Good Tuesday. Here’s what we’re watching:
• What will Apple do with all that cash?
• What happens after the imported metal tariff delay?
• Why C.E.O.s might need to be more outspoken on social issues.
• How the T-Mobile C.E.O.’s success might be a mixed blessing.
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What will Apple do with all that cash?
Investors expected Apple to announce a large share repurchase program heading into this quarter’s earnings, and the iPhone maker didn’t disappoint. Apple announced a new $100 billion buyback program.
The coffers of corporate America are straining under the weight of spare cash. And none more than Apple. Apple was forced to pay taxes on more than $250 billion held overseas as part of the tax overhaul President Trump signed into law late last year.
And investors are reaping some of the rewards from the windfall. Apple bought back $32.9 billion in stock during the first six months of its fiscal year, according to just announced results. Last quarter alone, Apple repurchased $22.8 billion in shares, a record for any company in any quarter, according to S&P Dow Jones Indices data.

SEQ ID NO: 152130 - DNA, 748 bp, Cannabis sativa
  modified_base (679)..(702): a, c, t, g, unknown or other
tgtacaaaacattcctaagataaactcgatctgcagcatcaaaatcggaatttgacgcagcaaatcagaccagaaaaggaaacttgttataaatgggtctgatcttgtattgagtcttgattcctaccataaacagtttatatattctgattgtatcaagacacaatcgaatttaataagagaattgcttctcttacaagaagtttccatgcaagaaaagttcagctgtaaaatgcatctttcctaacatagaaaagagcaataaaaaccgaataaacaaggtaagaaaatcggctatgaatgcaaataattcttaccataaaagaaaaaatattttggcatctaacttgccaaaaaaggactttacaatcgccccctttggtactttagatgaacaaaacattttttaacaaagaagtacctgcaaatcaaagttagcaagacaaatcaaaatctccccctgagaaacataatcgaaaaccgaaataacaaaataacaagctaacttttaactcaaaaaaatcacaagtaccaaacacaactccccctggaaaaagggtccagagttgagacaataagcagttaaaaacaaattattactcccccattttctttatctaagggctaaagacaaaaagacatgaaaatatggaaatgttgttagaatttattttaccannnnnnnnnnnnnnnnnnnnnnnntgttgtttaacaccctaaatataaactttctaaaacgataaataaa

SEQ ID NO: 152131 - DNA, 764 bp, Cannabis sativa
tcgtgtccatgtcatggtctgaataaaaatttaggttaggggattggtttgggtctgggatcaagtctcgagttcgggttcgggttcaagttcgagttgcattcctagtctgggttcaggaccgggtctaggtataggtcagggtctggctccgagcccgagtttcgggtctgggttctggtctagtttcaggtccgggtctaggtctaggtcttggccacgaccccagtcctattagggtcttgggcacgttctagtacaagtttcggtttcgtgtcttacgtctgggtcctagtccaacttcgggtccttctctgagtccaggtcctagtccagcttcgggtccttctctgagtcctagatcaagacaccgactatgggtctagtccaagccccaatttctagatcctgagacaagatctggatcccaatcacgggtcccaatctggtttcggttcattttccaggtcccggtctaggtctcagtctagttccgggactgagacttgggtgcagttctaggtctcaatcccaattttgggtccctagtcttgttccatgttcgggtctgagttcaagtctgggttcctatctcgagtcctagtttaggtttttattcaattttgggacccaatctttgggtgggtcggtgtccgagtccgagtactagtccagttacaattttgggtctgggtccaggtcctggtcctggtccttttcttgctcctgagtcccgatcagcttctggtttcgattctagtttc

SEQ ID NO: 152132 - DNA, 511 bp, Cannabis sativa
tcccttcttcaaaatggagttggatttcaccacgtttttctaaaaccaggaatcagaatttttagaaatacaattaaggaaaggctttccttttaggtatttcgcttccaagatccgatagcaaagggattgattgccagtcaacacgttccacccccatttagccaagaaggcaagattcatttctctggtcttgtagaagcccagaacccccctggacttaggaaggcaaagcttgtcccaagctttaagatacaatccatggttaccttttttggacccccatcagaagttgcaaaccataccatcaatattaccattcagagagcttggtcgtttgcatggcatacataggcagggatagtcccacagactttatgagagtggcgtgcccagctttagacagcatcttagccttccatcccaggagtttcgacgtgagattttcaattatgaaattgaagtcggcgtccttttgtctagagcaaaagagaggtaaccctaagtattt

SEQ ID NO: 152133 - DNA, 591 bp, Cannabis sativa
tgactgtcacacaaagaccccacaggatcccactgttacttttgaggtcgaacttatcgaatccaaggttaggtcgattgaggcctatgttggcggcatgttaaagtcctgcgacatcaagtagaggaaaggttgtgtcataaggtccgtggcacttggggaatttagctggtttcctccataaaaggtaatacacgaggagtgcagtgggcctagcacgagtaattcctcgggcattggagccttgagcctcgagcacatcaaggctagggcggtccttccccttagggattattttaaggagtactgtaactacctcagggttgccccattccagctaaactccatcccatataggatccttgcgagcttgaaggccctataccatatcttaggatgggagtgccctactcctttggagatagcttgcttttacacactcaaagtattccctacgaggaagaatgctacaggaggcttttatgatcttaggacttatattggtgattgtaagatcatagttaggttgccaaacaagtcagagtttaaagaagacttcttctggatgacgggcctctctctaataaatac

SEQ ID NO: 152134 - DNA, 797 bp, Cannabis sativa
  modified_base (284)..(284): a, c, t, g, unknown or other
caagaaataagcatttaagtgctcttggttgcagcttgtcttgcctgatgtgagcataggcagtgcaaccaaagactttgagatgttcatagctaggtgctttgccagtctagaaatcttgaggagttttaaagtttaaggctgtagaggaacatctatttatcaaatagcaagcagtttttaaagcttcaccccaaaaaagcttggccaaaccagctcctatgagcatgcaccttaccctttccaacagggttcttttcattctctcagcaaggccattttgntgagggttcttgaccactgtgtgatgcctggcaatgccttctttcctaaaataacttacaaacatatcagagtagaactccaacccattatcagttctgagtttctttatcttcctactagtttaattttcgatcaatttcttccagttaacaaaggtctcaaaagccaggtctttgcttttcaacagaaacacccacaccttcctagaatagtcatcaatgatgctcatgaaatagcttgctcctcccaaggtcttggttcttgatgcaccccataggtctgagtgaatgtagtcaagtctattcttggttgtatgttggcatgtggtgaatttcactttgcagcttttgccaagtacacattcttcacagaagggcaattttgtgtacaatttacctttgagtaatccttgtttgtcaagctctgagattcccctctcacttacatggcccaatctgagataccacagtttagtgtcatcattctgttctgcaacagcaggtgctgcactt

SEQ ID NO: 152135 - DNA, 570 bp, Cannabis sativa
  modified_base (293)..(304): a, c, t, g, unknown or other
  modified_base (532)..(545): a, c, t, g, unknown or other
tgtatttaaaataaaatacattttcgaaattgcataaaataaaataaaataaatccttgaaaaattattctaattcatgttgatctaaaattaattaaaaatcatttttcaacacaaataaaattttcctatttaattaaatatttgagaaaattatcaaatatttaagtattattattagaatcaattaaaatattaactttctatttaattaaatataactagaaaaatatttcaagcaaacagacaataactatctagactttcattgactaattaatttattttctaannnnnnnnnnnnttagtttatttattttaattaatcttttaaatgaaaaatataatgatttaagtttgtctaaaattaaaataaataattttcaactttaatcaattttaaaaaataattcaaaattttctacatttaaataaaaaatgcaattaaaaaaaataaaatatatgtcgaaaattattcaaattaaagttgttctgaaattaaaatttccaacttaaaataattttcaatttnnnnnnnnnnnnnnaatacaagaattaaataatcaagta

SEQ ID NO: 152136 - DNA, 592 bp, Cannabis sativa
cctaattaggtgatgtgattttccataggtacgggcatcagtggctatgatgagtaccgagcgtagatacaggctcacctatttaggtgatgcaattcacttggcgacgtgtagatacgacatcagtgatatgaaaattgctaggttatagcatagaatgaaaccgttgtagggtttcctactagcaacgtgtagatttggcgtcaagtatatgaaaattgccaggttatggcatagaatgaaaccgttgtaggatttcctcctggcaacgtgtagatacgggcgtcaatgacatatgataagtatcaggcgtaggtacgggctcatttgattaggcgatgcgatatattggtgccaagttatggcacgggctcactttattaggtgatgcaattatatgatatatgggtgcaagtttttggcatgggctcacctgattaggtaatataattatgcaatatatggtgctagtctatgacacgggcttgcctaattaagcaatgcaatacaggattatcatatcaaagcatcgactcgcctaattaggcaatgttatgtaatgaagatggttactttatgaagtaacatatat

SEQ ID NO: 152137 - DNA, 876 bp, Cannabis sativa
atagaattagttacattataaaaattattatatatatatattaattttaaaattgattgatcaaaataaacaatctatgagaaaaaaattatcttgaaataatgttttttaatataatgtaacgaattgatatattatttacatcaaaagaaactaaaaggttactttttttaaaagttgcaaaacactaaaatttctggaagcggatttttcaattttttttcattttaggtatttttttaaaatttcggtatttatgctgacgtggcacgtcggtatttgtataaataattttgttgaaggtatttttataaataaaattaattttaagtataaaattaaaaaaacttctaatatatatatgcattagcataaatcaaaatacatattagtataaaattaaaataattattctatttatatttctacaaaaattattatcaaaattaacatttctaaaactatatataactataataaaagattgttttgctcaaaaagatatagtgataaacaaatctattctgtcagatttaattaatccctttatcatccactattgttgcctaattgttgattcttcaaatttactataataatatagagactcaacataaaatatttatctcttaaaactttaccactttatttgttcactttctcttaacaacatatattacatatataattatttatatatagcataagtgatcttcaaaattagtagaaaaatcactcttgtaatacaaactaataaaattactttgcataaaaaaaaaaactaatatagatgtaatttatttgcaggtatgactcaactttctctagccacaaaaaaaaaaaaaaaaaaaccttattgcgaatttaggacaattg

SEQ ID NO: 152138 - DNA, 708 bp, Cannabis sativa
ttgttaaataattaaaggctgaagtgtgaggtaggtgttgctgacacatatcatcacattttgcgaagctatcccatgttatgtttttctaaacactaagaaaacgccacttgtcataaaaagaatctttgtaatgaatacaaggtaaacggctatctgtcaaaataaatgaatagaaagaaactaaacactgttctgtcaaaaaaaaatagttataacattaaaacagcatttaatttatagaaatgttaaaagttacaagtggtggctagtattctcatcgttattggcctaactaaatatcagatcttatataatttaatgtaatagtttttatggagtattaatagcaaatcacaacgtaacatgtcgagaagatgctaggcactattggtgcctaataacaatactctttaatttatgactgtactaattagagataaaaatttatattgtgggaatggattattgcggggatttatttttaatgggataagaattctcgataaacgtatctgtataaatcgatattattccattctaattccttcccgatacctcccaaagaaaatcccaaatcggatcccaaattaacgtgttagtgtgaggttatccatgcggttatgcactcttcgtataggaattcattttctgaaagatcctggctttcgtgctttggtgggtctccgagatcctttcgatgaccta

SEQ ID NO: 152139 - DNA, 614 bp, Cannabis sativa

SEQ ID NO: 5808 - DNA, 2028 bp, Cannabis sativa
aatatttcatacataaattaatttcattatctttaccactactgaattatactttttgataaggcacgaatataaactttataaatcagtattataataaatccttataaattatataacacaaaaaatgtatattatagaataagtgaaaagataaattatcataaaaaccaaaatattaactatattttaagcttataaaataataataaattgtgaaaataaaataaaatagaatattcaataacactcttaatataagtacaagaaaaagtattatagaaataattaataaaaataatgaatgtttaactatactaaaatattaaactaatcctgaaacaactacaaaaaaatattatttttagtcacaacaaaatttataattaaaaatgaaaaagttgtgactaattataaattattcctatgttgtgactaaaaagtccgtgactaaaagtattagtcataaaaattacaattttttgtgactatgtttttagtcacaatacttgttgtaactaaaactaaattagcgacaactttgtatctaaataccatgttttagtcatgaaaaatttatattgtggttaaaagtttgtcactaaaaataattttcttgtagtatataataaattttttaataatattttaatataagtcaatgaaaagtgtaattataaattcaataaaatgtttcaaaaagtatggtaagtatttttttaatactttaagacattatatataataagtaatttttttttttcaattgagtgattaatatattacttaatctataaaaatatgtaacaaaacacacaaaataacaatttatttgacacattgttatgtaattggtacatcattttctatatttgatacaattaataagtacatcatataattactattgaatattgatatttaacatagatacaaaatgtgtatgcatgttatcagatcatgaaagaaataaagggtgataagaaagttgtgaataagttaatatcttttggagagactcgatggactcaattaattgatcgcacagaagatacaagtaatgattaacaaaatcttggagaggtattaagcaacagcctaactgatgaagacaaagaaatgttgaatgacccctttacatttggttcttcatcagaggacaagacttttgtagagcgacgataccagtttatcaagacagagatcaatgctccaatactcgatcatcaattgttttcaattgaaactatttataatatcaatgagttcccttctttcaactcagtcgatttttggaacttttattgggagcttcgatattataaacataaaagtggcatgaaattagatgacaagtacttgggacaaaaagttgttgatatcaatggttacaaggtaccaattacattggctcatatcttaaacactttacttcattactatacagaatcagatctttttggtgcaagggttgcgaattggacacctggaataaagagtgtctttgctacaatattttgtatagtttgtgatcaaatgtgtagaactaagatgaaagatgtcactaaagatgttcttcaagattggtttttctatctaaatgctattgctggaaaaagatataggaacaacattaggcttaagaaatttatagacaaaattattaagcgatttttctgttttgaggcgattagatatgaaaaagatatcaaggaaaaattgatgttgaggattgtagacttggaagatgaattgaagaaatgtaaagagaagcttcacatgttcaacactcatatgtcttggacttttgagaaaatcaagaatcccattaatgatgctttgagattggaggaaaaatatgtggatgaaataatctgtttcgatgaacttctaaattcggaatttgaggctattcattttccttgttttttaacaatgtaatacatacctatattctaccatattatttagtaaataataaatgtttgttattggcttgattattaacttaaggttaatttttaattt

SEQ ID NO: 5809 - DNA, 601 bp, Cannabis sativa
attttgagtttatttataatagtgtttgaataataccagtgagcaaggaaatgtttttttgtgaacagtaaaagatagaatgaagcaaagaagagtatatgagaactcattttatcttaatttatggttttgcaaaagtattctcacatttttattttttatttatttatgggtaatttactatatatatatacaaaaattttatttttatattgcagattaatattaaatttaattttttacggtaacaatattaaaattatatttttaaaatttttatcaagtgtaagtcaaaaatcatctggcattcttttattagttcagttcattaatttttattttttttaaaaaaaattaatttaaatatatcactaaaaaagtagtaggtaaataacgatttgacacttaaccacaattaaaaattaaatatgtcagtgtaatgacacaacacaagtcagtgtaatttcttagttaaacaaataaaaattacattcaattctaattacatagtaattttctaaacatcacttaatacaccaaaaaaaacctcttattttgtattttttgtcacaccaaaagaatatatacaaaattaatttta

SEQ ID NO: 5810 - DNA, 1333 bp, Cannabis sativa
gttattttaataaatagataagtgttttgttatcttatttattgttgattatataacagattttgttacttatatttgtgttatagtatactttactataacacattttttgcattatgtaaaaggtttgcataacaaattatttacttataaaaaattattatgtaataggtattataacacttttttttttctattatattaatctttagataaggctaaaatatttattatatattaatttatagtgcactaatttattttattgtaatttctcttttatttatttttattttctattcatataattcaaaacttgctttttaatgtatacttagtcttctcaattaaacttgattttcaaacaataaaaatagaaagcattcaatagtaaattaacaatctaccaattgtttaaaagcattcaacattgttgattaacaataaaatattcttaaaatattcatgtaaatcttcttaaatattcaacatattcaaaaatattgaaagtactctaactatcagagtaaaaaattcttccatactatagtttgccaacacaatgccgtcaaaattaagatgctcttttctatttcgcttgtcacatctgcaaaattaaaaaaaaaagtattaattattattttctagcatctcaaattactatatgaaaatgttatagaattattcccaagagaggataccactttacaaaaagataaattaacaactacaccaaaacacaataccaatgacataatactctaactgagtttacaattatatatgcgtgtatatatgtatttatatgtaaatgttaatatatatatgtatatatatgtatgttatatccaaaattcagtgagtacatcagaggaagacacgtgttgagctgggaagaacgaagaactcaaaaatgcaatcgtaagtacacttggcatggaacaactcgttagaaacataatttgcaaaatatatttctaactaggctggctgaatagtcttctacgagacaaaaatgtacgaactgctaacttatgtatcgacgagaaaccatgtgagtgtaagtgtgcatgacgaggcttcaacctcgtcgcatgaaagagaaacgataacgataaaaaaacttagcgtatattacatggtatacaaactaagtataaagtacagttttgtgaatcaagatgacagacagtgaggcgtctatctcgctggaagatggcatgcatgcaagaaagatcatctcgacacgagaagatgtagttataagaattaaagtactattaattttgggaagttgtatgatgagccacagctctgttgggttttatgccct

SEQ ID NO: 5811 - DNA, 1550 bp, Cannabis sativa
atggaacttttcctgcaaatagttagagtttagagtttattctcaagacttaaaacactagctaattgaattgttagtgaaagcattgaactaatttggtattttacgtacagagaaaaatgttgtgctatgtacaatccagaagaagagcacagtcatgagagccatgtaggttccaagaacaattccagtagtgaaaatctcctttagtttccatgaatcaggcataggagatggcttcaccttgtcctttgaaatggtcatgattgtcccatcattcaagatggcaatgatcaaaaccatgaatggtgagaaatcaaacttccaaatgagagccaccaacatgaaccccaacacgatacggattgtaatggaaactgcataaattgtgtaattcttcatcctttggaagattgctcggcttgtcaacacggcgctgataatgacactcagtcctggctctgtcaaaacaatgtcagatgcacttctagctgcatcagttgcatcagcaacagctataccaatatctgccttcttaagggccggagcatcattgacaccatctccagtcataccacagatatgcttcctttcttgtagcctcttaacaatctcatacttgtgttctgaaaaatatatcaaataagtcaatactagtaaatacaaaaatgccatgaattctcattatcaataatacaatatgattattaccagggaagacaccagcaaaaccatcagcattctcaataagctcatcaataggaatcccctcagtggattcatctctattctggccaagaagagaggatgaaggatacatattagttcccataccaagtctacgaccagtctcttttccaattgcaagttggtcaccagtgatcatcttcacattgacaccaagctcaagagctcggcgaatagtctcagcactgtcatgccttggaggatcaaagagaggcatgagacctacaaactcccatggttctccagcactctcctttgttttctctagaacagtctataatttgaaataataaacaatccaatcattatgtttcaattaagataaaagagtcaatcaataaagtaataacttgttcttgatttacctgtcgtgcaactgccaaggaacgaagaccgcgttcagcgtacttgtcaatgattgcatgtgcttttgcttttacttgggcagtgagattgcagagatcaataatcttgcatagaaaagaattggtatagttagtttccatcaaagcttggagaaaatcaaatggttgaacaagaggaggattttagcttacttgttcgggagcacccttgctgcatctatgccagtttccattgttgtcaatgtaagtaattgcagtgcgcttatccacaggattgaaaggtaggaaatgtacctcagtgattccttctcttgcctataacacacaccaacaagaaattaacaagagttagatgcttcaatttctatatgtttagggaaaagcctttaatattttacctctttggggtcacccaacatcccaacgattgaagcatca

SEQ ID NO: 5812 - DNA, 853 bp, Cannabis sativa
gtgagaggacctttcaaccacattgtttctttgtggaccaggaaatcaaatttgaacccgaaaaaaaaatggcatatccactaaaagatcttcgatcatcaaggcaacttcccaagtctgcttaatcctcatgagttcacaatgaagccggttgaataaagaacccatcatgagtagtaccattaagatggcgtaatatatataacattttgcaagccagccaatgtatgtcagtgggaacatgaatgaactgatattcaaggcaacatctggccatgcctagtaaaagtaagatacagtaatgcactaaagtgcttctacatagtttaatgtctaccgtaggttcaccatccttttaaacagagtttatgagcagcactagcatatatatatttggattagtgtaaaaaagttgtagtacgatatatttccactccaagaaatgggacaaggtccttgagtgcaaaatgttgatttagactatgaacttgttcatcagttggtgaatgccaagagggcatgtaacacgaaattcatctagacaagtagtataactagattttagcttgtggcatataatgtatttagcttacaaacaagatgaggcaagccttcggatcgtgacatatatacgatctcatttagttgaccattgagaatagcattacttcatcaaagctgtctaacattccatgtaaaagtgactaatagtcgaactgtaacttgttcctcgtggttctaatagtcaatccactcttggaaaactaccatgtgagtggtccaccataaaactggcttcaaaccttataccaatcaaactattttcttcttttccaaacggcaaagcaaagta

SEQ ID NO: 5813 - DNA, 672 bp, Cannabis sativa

Shares of Apple are up 4 percent after the iPhone maker’s results beat expectations and it announced a $100 billion buyback program.
Here’s a look at the numbers:
• Apple reported a net income of $13.82 billion for its fiscal second quarter, up 25 percent from a year ago.
• Earnings per share came in at $2.73, above analysts expectations of $2.67 per share.
• Revenue increased 16 percent to $61.1 billion. Analysts polled by Thomson Reuters expected sales of 60.82 billion.
• Revenue from its services business hit a record of $9.2 billion.
• Apple sold 52.2 million iPhones in the quarter, up 2.9 percent from a year ago.
• Revenue from iPhone sales increased 14 percent from a year ago to $38.03 billion.
• The average selling price of an iPhone was $728, up from $655 a year ago but down from $796 last quarter.
The Trump administration is discovering the difficulty of fighting a multi-front war.
President Trump’s decision on Monday to hold off on imposing steel and aluminum tariffs on a number of countries came as the United States is engaged in a separate trade battle with China and is negotiating changes to the North American Free Trade Agreement.